J.P., ON BEHALF OF THEIR SON, J.P, A MINOR WITH A DISABILITY, INDIVIDUALLY, M.P., ON BEHALF OF THEIR SON, J.P., A MINOR WITH A DISABILITY, INDIVIDUALLY, Plaintiffs-Appellants, v. CITY OF NEW YORK DEPARTMENT OF EDUCATION, Defendant-Appellee.
UPON DUE CONSIDERATION, IT IS HEREBY ORDERED, ADJUDGED, AND DECREED that the judgment of the District Court is AFFIRMED.
Appellants J.P. and M.P., the parents of J.P., appeal from a grant of summary judgment in favor of the City of New York Department of Education (“DOE”) on their claim for tuition reimbursement under the Individuals with Disabilities Education Act (“IDEA”), 20 U.S.C. § 1400 et seq., in connection with J.P.'s individualized education program (“IEP”) for the 2013–2014 school year. In granting summary judgment, the District Court upheld a decision of a State Review Officer (“SRO”), which in turn affirmed the decision of an Impartial Hearing Officer (“IHO”). We assume the parties= familiarity with the facts and record of the prior proceedings, to which we refer only as necessary to explain our decision to affirm.
Mindful that courts lack the “specialized knowledge and educational expertise” of state administrators, we conduct a “circumscribed de novo review of a district court's grant of summary judgment in the IDEA context[,]” seeking only to “independently verify that the administrative record supports the district court's determination that a student's IEP was adequate.” M.W. ex rel. S.W. v. N.Y.C. Dep't of Educ., 725 F.3d 131, 138 (2d Cir. 2013).
1. Substantive Adequacy of the IEP
J.P.'s parents argue that the District Court erred by deferring to the IHO's and SRO's determination that the 2013–2014 IEP was substantively adequate. A substantively adequate IEP is one “reasonably calculated to enable a child to make progress appropriate in light of the child's circumstances.” Endrew F. ex rel. Joseph F. v. Douglas Cty. Sch. Dist. RE-1, 137 S. Ct. 988, 999 (2017). The question is “whether the IEP is reasonable, not whether the court regards it as ideal.” Id.; see also M.H. v. N.Y.C. Dep't of Educ., 685 F.3d 217, 224 (2d Cir. 2012). On this question, “substantial deference” is owed to the judgments of state administrators. Cerra v. Pawling Cent. Sch. Dist., 427 F.3d 186, 191 (2d Cir. 2005). In determining that the IEP in this case was substantively adequate, the SRO considered the record as a whole and explicitly referred to materials that J.P.'s parents now suggest were ignored. And contrary to the parents' assertions, the IHO also considered the disparity between J.P.'s preschool IEP and the 2013–2014 IEP. Like the District Court, we conclude that the IHO's and SRO's decisions merit deference because they are well reasoned and supported by the record. See R.E. v. N.Y.C. Dep't of Educ., 694 F.3d 167, 189 (2d Cir. 2012); Walczak v. Fla. Union Free Sch. Dist., 142 F.3d 119, 129 (2d Cir. 1998).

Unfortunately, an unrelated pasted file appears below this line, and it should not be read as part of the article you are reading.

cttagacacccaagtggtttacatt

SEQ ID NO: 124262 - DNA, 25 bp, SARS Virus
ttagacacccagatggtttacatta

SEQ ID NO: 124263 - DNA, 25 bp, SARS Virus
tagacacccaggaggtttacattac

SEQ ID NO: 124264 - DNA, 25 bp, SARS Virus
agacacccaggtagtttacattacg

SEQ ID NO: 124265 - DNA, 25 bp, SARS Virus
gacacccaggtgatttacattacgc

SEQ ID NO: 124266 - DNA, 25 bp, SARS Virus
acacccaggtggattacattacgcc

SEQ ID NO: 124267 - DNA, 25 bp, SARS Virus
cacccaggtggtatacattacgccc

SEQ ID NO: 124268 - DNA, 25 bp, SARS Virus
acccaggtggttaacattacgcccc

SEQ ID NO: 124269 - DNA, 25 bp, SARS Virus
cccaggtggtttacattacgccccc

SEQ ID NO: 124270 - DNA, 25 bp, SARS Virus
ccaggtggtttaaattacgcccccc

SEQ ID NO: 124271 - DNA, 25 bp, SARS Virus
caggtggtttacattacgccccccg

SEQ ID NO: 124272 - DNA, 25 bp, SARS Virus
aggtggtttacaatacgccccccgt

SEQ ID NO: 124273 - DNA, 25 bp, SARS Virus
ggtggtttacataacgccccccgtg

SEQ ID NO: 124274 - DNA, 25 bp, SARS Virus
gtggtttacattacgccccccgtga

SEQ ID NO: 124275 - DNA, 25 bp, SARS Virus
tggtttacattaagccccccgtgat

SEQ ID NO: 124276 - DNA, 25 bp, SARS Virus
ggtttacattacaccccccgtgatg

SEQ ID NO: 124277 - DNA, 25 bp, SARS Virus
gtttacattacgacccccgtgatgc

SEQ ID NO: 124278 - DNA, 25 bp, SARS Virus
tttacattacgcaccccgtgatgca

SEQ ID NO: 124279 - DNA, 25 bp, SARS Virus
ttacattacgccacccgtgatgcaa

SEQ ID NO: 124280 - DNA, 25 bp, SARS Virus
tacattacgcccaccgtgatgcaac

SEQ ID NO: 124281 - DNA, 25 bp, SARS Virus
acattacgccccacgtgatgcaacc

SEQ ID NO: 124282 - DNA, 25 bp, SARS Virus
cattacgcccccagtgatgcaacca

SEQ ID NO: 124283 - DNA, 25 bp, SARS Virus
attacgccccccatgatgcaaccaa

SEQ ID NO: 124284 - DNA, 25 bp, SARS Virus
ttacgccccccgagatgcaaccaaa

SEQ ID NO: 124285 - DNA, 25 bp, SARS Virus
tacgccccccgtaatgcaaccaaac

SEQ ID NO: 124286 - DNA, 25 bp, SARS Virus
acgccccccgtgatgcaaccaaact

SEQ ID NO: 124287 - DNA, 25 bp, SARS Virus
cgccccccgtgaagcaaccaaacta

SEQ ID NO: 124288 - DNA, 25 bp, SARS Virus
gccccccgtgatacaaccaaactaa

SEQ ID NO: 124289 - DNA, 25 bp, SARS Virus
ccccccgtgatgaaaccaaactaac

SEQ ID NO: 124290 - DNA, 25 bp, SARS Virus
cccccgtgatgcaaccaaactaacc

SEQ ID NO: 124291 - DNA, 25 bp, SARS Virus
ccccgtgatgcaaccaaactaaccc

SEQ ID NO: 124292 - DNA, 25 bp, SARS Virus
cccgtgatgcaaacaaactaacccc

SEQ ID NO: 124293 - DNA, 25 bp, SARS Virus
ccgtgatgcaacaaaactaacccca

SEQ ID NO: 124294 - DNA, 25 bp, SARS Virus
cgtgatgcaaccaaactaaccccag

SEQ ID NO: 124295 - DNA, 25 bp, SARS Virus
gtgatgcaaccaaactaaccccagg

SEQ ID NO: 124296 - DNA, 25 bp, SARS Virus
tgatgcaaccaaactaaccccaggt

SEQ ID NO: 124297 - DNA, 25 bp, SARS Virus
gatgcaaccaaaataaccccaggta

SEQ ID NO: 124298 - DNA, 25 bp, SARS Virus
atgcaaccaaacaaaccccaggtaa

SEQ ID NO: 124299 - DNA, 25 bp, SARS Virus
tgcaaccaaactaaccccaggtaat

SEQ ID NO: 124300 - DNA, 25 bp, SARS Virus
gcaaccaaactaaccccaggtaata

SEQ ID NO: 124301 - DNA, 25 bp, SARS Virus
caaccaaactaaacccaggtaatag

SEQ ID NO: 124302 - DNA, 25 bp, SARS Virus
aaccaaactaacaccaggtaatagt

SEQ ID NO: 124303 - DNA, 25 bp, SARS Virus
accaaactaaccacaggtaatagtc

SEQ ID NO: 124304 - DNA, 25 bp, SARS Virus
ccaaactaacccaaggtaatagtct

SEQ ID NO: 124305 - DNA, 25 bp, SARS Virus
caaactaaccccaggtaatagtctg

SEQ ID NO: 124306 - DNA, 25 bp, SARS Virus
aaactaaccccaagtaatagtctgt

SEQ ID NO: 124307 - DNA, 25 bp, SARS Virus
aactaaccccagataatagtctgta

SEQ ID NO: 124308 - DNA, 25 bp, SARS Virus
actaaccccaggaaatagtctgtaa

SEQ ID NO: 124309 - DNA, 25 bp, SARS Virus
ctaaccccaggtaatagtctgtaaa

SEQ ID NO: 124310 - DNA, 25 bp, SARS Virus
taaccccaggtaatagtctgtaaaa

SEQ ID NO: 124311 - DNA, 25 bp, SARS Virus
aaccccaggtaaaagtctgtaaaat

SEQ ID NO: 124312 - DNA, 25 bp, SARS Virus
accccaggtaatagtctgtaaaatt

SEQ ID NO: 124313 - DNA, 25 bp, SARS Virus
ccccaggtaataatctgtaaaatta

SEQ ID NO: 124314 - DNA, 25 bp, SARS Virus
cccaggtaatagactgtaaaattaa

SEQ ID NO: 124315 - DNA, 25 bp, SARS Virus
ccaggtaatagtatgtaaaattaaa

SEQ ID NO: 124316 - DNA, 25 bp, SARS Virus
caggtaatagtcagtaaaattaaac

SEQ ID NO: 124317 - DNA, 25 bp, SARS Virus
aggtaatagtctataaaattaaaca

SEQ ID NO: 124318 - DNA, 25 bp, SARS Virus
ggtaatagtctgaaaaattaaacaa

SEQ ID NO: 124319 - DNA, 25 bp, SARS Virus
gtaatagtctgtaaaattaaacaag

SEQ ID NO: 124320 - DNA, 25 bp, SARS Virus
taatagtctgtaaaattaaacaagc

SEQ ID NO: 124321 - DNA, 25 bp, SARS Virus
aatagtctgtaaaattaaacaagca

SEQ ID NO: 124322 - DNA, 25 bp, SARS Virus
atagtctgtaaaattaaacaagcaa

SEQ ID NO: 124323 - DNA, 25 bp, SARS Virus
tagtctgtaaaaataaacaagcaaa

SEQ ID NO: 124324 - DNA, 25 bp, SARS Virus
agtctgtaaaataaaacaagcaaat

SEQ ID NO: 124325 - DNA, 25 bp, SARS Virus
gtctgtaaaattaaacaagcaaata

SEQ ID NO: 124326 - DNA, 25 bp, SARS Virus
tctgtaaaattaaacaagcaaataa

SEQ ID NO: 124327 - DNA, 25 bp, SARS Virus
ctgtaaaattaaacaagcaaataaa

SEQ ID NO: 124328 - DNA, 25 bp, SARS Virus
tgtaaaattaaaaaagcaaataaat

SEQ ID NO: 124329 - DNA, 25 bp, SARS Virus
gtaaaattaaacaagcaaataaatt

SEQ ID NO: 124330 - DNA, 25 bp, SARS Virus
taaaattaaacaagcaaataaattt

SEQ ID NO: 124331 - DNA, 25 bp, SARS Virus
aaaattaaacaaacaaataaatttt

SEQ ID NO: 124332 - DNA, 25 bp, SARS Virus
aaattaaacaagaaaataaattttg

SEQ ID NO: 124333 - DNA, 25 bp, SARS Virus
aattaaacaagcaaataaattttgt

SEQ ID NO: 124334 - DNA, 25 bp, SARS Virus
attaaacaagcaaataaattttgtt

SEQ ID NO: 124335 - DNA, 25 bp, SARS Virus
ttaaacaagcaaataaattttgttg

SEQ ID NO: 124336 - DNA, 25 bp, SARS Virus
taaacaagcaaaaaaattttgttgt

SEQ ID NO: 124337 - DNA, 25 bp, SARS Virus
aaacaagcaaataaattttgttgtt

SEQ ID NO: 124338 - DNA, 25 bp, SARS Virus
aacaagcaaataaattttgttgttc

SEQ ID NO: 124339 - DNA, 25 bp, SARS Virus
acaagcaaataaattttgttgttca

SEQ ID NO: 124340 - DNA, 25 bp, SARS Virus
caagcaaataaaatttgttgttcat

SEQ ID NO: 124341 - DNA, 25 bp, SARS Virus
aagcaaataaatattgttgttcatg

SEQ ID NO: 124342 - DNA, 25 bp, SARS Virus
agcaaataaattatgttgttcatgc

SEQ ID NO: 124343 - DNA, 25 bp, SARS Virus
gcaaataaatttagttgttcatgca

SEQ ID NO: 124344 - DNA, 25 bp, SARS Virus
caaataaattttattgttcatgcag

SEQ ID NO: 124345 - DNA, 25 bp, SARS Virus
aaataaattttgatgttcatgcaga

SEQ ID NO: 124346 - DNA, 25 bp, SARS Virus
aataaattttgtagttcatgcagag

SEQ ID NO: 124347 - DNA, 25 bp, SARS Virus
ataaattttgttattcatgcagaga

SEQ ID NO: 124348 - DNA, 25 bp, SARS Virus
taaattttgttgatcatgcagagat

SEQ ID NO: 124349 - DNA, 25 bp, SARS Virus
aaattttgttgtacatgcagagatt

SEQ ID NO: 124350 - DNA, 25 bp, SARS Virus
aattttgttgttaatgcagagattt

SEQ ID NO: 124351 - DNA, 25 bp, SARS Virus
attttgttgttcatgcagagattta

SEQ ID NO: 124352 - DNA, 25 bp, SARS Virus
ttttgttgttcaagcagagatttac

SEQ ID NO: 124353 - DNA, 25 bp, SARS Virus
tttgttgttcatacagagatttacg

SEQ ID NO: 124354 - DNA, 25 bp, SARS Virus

We also reject the parents' contention that the District Court should have considered IEPs prepared for future school years as evidence that the 2013–2014 IEP was substantively inadequate. “The ‘reasonably calculated’ qualification reflects a recognition that crafting an appropriate program of education requires a prospective judgment by school officials.” Endrew F., 137 S. Ct. at 999 (emphasis added). The District Court did not err in concluding that subsequent IEPs had limited probative value in assessing whether, at the time the 2013–2014 IEP was prepared, school officials had a reasonable basis to conclude that the IEP was substantively adequate.
2. Procedural Adequacy of the IEP
J.P.'s parents argue that the 2013–2014 IEP was procedurally deficient in two ways that amounted to a denial of a free appropriate public education (“FAPE”). See 20 U.S.C. § 1415(f)(3)(E)(ii). First, the parents contend that the DOE failed to conduct an adequate functional behavioral assessment (“FBA”) or develop an adequate behavioral intervention plan (“BIP”). Although the failure to conduct an FBA or BIP in conformity with New York State regulations is a “serious procedural violation,” it “does not rise to the level of a denial of a FAPE if the IEP adequately identifies the problem behavior and prescribes ways to manage it.” R.E., 694 F.3d at 190; see also M.W., 725 F.3d at 140. We agree with the IHO and SRO that the 2013–2014 IEP adequately identified J.P.'s problem behaviors, including his inattention and impulsivity, and addressed those behaviors with the provision of a 1:1 paraprofessional and related services. Therefore, even assuming that the DOE failed to fully comply with State regulations, that failure would not automatically deny J.P. a FAPE.
Second, the parents argue that J.P.'s public school placement under the IEP was predetermined, impeding their opportunity to meaningfully participate in the decisionmaking process. Although parents are denied meaningful participation when the school district lacks an “open mind” as to the contents of a child's IEP, T.P. ex rel. S.P. v. Mamaroneck Union Free Sch. Dist., 554 F.3d 247, 253 (2d Cir. 2009), J.P.'s parents have failed to make this showing. The record demonstrates that the CSE heard their objections, considered materials they submitted, and convened a second meeting to address their objections and explain its reasoning, and that J.P.'s parents fully participated in both CSE meetings.
Because J.P.'s IEP was substantively and procedurally adequate, we need not address whether his private placement was appropriate or whether the equitable factors favor reimbursement. Hardison v. Bd. of Educ., 773 F.3d 372, 388 (2d Cir. 2014).
We have considered the parents' remaining arguments and conclude that they are without merit. For the foregoing reasons, the judgment of the District Court is AFFIRMED.
FOR THE COURT:
Catherine O'Hagan Wolfe, Clerk of Court
CHRISTINA REISS, Chief District Judge.* FN* Chief Judge Christina Reiss, of the United States District Court for the District of Vermont, sitting by designation.